Bogomir Doringer

Faceless: Statement

The premise of this exhibition is to explore the common occurrence of images of hidden faces in the creative arts. I first became acquainted with the notion of hidden faces a decade ago, while still in the fashion industry. Through my collections I experimented with covering models’ faces in masks or hair, thus attempting to make a statement on the constant "overdose of beauty" and artificiality permeating contemporary society through the media. This suggested a possible return to masks as a solution for covering destabilized identities.

Throughout my art studies and practice, I have been striving to bind together fashion and art - inspired by sociopolitical investigations. After noticing the like-minded interest in the subject matter, I began to collect a variety of faceless works to try and understand why they exist and what they are trying to communicate.

September 11 and its consequences came about in an important phase of my creative development and have had an impact on my interest on facelessness ever since. It would be fair to say that this event was one of the triggers that provoked this tendency in my work. The fear of terrorist attacks led to a change in security concepts and the instalment of surveillance systems in public spaces – presented to us as if for our own safety. As a result, we feel that our faces are becoming "compressed" and exposed. The only way for us to regain this lost privacy is through subversive media strategies or by reinventing privacy.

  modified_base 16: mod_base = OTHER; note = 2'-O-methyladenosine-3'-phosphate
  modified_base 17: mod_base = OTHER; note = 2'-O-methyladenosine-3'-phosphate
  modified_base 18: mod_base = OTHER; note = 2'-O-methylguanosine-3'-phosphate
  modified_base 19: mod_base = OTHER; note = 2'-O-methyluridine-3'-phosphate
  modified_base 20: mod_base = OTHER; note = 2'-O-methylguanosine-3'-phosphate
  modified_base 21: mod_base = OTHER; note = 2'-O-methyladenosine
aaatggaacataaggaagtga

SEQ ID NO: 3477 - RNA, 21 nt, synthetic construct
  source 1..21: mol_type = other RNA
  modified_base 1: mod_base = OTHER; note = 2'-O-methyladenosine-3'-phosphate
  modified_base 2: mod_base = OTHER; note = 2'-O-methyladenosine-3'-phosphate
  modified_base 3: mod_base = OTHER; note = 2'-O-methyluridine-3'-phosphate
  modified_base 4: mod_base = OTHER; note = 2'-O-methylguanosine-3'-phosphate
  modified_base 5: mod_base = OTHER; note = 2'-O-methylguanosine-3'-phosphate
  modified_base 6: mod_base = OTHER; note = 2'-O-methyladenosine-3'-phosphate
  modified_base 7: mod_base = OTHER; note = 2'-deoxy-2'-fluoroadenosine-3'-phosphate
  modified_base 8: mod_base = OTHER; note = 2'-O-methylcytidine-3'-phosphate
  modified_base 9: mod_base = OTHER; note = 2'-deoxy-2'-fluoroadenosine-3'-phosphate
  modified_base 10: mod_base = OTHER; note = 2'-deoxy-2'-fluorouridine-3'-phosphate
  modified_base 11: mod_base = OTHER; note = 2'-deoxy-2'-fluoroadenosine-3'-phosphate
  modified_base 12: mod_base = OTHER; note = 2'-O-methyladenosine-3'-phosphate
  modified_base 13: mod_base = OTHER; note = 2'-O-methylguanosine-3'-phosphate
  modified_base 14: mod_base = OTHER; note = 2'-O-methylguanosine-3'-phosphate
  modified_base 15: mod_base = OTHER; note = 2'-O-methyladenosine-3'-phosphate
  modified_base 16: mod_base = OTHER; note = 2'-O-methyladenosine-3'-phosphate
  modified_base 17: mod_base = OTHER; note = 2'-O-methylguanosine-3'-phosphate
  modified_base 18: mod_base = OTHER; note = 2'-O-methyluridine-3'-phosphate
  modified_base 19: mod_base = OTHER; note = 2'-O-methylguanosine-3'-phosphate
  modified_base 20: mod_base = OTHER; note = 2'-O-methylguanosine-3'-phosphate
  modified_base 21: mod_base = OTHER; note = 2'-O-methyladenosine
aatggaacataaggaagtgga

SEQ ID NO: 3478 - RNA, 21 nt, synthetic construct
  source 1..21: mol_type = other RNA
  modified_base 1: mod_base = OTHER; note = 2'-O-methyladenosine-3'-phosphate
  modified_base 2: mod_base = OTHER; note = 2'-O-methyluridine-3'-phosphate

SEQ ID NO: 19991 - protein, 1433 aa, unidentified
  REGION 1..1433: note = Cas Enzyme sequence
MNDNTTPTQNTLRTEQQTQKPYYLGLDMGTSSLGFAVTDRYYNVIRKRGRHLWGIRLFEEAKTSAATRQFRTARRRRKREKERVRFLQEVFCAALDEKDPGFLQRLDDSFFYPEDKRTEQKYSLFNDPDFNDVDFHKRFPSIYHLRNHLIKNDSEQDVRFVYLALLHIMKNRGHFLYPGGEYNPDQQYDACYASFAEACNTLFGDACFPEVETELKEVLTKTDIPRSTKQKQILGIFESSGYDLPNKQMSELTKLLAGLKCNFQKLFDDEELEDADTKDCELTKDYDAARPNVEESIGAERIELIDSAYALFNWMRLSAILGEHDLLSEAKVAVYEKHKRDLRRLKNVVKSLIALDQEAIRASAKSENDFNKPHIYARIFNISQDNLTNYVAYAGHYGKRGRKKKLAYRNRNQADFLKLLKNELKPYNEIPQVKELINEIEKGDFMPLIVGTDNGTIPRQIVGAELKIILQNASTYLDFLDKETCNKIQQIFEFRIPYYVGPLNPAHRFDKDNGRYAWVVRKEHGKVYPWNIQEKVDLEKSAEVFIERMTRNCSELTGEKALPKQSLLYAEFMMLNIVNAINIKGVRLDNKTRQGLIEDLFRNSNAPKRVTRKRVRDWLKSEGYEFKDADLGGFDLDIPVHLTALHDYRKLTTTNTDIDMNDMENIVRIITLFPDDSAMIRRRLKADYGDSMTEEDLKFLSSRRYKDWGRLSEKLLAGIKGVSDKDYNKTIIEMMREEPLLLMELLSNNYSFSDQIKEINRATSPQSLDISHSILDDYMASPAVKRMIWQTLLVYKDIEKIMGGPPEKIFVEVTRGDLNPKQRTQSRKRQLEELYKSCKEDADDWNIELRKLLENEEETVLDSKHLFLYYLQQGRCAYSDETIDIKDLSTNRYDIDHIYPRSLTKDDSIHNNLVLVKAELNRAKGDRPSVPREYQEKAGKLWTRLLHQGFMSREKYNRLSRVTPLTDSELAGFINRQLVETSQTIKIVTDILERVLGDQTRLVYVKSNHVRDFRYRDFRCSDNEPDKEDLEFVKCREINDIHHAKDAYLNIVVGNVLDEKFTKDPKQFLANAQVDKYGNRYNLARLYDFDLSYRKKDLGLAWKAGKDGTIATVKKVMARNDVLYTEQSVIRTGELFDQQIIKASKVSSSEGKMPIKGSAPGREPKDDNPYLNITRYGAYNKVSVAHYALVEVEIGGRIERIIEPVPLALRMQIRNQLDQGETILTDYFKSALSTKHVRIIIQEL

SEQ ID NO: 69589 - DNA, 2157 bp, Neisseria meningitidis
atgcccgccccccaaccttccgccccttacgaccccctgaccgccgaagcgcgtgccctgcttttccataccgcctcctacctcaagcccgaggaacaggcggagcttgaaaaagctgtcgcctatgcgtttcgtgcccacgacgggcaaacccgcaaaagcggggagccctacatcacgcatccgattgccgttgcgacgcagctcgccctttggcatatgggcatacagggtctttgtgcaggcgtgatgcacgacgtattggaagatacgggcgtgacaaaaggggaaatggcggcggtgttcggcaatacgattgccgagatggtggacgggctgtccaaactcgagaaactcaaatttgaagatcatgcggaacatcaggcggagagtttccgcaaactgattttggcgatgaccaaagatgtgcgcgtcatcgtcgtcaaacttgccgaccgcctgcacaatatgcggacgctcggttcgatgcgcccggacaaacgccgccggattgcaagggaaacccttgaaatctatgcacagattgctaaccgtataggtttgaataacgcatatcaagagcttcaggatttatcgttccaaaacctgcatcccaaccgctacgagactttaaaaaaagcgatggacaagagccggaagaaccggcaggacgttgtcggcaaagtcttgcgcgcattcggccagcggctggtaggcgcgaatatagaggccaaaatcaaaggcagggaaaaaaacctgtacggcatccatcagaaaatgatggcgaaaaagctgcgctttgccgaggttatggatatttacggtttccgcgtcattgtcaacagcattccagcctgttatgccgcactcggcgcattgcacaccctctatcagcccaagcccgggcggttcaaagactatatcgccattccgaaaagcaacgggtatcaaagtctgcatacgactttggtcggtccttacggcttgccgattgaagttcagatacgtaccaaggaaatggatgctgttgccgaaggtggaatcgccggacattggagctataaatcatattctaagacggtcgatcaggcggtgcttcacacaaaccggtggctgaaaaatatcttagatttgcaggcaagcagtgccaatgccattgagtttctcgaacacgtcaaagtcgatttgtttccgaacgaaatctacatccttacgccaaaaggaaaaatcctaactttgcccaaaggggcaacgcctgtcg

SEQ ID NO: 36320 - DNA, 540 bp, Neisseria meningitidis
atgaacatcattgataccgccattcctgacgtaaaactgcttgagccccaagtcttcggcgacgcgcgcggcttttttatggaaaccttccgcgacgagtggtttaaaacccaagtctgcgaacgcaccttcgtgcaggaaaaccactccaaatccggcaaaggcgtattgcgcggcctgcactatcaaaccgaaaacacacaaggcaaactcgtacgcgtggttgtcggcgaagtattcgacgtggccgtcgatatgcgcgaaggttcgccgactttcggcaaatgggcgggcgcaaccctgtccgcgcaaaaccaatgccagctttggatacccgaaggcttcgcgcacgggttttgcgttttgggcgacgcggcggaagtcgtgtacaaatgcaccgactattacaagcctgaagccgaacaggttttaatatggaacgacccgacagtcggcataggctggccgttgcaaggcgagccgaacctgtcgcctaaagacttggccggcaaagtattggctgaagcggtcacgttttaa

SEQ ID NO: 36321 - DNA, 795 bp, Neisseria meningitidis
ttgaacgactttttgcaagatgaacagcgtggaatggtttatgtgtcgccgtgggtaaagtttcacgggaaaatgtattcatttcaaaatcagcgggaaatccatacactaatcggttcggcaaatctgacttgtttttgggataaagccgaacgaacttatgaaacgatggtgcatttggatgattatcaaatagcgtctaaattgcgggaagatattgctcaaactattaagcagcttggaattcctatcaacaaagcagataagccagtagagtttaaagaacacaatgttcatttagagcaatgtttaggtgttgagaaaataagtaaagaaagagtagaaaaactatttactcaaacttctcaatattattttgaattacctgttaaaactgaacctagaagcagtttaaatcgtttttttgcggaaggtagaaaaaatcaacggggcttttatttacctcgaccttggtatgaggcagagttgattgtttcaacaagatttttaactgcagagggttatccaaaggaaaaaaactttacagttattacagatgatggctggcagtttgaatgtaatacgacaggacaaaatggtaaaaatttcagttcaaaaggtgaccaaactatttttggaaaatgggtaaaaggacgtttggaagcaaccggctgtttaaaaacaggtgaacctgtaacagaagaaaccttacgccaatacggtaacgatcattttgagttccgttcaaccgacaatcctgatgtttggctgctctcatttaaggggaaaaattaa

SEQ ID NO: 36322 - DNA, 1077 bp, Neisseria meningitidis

Following the events of 9/11, images of masked faces of terrorists became dominant in the media; repeated as a ghostly, unknown presence that reminds us of the unsafe time we live in. At the same time, throughout Europe people began to pursue a ban on burqas. Events like the murders of Pim Fortuyn and Theo van Gogh in the Netherlands led to public discussions on the impact of Muslim culture through Muslim minorities on so-called "western values". I explored this metaphorically in my graduate work "Deranged", where the artwork and the viewer are simultaneously deranged by each other’s presence.

In addition to the loss of privacy, the rules of modern technology demand that we be constantly visible. Social networks, initially developed as platforms for communication, came to define standards of everyday activity and lifestyle. They approach us with the promise of serving as tools for self-promotion, then increasingly invade our privacy with our express consent.

The unstable identity of the present begs for the return of power of the mask from ancient times, when it was used as a form of protection, disguise, performance, or just plain entertainment.

Faceless is a two-part exhibition exploring a phenomenon present all around us: the fashion of "facelessness" that appeared in the creative arts at the beginning of this century and has remained popular since then. The exhibition reminds us of the impact that media-generated images can have on the creative arts and the ways in which they respond to public images, pop culture, and the mainstream in general.